Mr. McFadden [holding answer 9 February 2009]: The Council of Ministers and the European Commission have invited the social partners to analyse the challenges posed by the expansion in the various forms of labour mobility in the Union and in particular of their impact on the European Unions competitiveness, protection of workers rights, the functioning of national labour markets, and the various modes of industrial relations, taking account of recent rulings of the European Court of Justice. The Commissions high level committee of experts will examine ways to improve the implementation of the directive and to exchange information, experience and good practice.
Mr. Cash: To ask the Minister of State, Department for Business, Enterprise and Regulatory Reform what assessment he has made of the conclusions of the expert committee on the posting of workers established after the meeting of the Employment, Social Policy, Health and Consumer Affairs Council on 9 June 2008.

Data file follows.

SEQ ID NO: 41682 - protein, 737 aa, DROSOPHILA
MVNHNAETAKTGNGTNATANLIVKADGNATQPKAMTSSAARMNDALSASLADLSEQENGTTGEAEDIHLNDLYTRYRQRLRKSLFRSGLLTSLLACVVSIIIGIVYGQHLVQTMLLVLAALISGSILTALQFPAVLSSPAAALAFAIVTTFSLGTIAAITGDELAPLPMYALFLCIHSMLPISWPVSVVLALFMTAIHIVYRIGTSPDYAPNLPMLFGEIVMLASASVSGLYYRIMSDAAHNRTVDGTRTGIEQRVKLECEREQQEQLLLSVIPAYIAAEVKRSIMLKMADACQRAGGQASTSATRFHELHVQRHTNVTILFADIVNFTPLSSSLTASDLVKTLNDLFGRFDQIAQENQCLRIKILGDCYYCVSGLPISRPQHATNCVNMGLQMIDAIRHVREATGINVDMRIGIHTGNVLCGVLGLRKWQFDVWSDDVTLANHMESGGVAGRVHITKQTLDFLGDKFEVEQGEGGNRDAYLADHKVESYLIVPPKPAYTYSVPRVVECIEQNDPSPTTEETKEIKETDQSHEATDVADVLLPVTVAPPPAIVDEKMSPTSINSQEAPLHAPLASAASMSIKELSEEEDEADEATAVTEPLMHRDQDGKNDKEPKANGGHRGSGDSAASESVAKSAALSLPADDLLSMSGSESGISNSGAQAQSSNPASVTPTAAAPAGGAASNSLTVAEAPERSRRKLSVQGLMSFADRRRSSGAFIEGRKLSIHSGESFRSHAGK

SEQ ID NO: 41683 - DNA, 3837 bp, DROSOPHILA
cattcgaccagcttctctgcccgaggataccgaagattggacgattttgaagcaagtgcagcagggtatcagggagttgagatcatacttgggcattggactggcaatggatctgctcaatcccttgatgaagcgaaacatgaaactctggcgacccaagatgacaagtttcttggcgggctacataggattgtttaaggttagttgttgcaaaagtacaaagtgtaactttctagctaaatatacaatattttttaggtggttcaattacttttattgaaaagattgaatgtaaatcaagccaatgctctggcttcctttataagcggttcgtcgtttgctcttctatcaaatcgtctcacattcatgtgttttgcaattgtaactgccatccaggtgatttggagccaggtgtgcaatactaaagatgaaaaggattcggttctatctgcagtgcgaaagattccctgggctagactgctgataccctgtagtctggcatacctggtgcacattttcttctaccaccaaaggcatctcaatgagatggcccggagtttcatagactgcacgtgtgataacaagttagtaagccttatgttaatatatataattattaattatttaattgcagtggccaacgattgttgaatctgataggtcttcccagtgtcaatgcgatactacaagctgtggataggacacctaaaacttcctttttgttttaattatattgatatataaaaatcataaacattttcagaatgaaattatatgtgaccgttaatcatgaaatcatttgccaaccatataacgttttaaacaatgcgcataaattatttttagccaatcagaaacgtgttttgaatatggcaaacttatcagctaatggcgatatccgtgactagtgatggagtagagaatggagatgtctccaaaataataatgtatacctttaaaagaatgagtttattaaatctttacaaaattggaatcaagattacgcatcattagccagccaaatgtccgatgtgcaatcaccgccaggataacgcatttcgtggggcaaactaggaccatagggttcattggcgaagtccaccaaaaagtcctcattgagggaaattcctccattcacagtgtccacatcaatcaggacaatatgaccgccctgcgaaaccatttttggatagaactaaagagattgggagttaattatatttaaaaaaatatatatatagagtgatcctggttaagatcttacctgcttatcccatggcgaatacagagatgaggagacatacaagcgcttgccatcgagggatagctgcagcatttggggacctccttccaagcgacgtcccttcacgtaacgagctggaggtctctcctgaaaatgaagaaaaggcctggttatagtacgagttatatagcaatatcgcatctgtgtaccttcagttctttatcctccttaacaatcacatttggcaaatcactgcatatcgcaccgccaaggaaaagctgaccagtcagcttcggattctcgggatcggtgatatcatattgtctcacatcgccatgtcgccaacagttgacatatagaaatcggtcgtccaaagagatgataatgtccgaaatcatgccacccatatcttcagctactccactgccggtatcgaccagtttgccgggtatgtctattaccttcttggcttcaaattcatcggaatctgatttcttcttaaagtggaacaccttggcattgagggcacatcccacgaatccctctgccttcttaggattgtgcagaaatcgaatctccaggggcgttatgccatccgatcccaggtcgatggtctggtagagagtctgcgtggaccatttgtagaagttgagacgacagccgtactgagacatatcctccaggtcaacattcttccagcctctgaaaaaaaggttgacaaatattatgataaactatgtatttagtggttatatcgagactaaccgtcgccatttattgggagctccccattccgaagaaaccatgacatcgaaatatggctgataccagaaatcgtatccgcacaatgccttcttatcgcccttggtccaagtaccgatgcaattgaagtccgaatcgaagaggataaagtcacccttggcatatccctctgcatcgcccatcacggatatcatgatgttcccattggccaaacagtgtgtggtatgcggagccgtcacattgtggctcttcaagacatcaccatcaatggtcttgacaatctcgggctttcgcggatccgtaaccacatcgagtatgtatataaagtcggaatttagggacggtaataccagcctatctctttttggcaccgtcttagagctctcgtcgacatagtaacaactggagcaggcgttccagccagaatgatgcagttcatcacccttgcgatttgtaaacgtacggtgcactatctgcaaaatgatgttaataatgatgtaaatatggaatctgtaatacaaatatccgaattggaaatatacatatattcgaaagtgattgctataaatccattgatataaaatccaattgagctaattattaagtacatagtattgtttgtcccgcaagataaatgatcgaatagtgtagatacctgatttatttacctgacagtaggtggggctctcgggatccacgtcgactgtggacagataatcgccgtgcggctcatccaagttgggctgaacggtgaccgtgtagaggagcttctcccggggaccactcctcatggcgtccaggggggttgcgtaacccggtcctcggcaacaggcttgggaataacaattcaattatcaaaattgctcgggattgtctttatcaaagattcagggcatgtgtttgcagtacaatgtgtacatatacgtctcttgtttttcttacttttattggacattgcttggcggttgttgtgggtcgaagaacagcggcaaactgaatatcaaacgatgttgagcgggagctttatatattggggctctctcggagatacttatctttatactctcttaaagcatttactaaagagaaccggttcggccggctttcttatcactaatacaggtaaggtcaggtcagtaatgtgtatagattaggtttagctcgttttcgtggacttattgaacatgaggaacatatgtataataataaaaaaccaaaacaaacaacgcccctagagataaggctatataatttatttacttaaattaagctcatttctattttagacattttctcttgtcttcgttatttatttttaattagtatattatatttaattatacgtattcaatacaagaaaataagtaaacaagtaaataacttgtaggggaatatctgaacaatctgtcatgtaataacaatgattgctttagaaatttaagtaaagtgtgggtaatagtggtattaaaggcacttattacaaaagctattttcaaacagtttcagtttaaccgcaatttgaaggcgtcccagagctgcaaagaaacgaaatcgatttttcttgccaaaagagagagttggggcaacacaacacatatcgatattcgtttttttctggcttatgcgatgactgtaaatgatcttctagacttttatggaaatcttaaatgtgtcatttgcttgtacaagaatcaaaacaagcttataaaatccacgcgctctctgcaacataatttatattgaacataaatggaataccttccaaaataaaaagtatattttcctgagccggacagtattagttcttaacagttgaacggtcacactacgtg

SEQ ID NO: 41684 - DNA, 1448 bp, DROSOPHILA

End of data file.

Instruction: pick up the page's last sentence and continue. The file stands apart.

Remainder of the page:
Mr. McFadden [holding answer 9 February 2009]: After the Council meeting on 9 June 2008, the Commission was asked to set up an expert committee to examine questions and difficulties which might arise in the practical application of the posting of worker legislation. The Commission published details of the Committees remit on 18 December 2008 (Commission document C (2008) 8640 final). I look forward to the conclusions of this group.
Sir Alan Beith: To ask the Minister of State, Department for Business, Enterprise and Regulatory Reform what assessment he has made of the potential effect of levels of fire cover provided by retained firefighters of the provisions of the EU Working Time Directive.